“Conservation Laws: The Most Powerful Laws of Physics” . < http://webug.physics.uiuc.edu/courses/phys150/fall 99/slides/lect07/> .
“Conservation of Energy.” NASA . < http://www.grc.nasa.gov/WWW/K-12/airplane/thermo1f.html> .
Elkana, Yehuda. The Discovery of the Conservation of Energy. With a foreword by I. Bernard Cohen. Cambridge, MA: Harvard University Press, 1974.
“Momentum and Its Conservation” . < http://www.glenbrook.k12.il.us/gbssci/phys/Class/momentum/momtoc.html> .
Rutherford, F. James Gerald Holton and Fletcher G. Watson. Project Physics.New York: Holt, Rinehart, and Winston, 1981.
Suplee, Curt. Everyday Science Explained. Washington, D.C.: National Geographic Society, 1996.
Conservation Of Energy In Beta Decay
The discovery in 1911 that electrons emitted in beta decay have a continuous rather than a discrete spectrum appeared to contradict conservation of energy, under the then-current assumption that beta decay is the simple emission of an electron from a nucleus. This problem was eventually resolved in 1933 by Enrico Fermi who proposed the correct description of beta-decay as the emission of both an electron and an antineutrino, which carries away the apparently missing energy.
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The Physical Principle Of Energy Conservation
The impetus for the principle of energy conservation originally is the observation that in simple systems on Earth, one may define an energy of position and connect it to another form of energy, kinetic energy. For a simple mechanical system with no friction, using Newton’s second law , we recast the work as
mv 2 is called the kinetic energy . With this nomenclature, we find from the definition of potential energy that
and rewriting slightly, we obtain
Note that the quantity on the left refers only to position 2, while that on the right refers only to position 1. Since 1 and 2 were completely unspecified, this equation states a general result: in such a simple system, the quantity T+U must be a constant . This is referred to as conservation of mechanical energy .
More generally, the total potential energy is the sum of all the potential energies possible in a given situation. There is no new physics in the principle of conservation of mechanical energy. Everything follows from Newton’s laws .
The relativistic energy relation E2=p2c2+m2c4 may be recast as E=Î³mc2 for massive objects , where the relativistic momentum is p=Î³mv and Î³ / 2 . In this case, the kinetic energy is T=mc2 because T plus mass-energy must be equal to total energy E.
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Conservation Of Linear Momentum: Rifles And Rockets
FIRING A RIFLE.
The conservation of linear momentum is reflected in operations as simple as the recoil of a rifle when it is fired, and in those as complex as the propulsion of a rocket through space. In accordance with the conservation of momentum, the momentum of a system must be the same after it undergoes an operation as it was before the process began. Before firing, the momentum of a rifle and bullet is zero, and therefore, the rifle-bullet system must return to that same zero-level of momentum after it is fired. Thus, the momentum of the bullet must be matchedand “cancelled” within the system under studyby a corresponding backward momentum.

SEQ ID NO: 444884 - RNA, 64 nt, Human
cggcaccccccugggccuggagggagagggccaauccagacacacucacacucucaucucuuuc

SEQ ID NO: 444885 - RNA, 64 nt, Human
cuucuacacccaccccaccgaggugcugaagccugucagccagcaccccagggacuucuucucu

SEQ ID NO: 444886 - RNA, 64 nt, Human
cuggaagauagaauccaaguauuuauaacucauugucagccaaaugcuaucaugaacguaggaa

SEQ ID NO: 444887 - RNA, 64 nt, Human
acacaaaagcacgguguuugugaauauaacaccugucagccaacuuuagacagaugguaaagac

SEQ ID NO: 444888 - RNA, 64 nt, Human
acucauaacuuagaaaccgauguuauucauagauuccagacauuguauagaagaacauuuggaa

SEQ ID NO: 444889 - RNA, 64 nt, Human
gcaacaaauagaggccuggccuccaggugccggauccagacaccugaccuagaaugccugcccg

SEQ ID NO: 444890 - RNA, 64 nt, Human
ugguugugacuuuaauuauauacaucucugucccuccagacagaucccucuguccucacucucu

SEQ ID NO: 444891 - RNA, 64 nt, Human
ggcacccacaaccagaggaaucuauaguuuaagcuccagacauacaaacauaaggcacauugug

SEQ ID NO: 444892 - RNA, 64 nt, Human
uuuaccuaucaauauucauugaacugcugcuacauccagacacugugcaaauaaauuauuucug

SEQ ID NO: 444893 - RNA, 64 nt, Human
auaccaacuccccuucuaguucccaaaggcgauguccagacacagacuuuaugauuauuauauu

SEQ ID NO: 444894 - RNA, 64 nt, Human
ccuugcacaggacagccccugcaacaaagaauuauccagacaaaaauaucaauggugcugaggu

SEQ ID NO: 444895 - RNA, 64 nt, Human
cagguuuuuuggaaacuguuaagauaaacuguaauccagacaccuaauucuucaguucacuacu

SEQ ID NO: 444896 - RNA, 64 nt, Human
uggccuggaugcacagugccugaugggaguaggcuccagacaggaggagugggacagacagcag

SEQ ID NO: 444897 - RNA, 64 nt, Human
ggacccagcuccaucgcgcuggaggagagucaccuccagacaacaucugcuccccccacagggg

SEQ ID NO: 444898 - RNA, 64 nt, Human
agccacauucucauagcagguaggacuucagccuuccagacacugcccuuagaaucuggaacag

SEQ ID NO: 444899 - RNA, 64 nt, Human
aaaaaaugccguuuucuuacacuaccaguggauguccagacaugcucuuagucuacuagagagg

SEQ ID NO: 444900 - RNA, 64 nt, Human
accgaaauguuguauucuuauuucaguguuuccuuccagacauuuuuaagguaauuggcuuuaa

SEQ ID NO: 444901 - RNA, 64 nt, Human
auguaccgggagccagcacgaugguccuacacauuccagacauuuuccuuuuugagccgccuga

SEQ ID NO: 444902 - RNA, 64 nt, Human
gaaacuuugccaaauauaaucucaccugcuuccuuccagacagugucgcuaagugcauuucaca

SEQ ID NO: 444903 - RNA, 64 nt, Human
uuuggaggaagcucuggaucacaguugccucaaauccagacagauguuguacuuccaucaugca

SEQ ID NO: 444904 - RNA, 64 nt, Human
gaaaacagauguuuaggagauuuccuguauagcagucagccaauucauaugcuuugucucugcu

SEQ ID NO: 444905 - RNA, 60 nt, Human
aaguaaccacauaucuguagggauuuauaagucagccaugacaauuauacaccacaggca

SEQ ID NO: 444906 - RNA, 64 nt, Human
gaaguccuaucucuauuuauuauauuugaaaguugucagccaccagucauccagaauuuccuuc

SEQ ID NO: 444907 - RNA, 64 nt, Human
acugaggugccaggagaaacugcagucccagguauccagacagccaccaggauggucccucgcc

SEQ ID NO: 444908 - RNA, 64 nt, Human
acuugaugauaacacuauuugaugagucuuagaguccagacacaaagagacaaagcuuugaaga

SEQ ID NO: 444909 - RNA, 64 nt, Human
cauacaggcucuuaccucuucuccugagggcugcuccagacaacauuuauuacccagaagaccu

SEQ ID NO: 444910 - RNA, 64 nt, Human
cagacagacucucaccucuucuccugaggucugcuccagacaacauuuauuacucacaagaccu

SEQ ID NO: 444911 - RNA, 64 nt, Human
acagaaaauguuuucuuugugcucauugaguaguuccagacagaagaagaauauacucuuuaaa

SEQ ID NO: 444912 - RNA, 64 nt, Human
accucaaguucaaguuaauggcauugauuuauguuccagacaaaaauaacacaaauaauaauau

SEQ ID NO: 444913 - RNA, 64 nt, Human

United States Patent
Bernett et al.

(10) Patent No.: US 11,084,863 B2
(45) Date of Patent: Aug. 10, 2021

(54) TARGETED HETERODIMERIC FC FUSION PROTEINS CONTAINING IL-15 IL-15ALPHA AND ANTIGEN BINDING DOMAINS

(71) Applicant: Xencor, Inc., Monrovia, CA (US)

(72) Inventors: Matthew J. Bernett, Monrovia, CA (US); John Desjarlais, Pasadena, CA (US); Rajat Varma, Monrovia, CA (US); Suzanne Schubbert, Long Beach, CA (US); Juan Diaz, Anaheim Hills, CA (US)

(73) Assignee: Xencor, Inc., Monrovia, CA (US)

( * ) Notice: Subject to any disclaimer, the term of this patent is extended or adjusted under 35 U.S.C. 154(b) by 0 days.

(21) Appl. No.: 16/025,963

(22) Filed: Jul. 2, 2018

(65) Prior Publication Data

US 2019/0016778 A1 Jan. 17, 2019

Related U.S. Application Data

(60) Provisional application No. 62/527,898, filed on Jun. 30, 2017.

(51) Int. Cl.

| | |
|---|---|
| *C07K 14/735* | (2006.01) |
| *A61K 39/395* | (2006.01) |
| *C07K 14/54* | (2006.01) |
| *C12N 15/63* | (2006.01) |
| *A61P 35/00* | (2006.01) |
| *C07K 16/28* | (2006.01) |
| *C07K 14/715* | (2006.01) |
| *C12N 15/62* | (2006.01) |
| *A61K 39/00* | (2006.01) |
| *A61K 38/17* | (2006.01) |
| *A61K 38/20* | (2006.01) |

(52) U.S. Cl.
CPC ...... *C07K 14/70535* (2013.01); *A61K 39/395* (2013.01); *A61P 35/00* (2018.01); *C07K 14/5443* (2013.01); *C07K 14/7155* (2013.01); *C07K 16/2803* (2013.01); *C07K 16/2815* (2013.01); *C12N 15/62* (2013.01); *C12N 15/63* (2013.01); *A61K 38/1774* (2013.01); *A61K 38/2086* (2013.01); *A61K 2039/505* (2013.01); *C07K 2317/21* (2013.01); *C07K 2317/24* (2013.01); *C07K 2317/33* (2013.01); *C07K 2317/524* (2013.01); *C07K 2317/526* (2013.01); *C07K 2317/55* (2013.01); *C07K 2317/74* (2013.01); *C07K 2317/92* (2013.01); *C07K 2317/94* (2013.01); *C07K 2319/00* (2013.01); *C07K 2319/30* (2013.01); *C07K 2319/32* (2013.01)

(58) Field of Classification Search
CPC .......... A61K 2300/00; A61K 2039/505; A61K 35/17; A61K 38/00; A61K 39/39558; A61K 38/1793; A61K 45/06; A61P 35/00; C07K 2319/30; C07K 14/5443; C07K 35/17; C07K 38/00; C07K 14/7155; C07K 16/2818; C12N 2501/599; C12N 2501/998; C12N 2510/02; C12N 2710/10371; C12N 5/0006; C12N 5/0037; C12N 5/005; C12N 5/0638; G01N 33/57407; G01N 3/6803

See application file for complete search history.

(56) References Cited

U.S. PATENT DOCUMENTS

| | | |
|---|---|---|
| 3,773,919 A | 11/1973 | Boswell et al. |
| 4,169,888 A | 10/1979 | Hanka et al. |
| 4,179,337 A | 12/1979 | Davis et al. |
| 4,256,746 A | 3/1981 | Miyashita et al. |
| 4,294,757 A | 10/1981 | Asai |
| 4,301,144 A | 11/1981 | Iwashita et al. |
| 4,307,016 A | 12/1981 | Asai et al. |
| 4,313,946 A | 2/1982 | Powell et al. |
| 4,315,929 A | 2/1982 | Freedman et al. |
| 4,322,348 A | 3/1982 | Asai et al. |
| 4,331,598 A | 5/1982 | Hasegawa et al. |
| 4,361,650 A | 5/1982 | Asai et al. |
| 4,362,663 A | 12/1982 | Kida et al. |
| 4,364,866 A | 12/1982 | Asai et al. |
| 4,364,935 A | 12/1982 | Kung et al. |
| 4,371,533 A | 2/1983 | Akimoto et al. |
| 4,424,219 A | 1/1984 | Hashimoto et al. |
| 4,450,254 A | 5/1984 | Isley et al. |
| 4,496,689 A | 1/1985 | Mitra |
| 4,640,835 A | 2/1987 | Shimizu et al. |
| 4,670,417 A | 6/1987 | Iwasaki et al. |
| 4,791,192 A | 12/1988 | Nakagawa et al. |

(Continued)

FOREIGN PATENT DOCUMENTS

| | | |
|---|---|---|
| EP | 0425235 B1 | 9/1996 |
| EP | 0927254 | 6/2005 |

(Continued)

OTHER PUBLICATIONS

When a person shooting a gun pulls the trigger, it releases the bullet, which flies out of the barrel toward the target. The bullet has mass and velocity, and it clearly has momentum but this is only half of the story. At the same time it is fired, the rifle produces a “kick,” or sharp jolt, against the shoulder of the person who fired it. This backward kick, with a velocity in the opposite direction of the bullet’s trajectory, has a momentum exactly the same as that of the bullet itself: hence, momentum is conserved.
ROCKETING THROUGH SPACE.
If, while standing on the ice, one throws an object in one direction, one will be pushed in the opposite direction with a corresponding level of momentum. However, since a person’s mass is presumably greater than that of the object thrown, the rearward velocity will be smaller.
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Conservation Of Mechanical Energy
According to the law of conservation of mechanical energy definition, energy can neither be created nor be destroyed, until or unless some kind of external forces like frictional forces or non-conservative forces are applied.
In other words, the total mechanical energy of a system is conserved. Therefore, energy can only convert from one form to another form of energy.
YEAH YEAH, you would be thinking that the above-mentioned definition is of the law of conservation of energy i.e the first law of thermodynamics.
The author of the article must be lying and all. Well, let me clear the air. Neither I am lying, nor you are wrong. In fact, we both are correct. Confused????
Okay, lets take an example to understand it properly. Not to mention, there can be so many examples to explain the concept of the conservation of mechanical energy. Out of all, I am going to explain the most generic one. Keep reading!!!
Conservation Of Momentum Equation
The general equation for conservation of momentum during a collision between n number of objects is given as:
Where mi is the mass of object i, via is the velocity of object i before the collision, and vib is the velocity of object i after the collision.
This formula is given in summation notation, which makes it easy to equate the sum of all objects momentum before the collision to the sum of all objects momentum after the collision.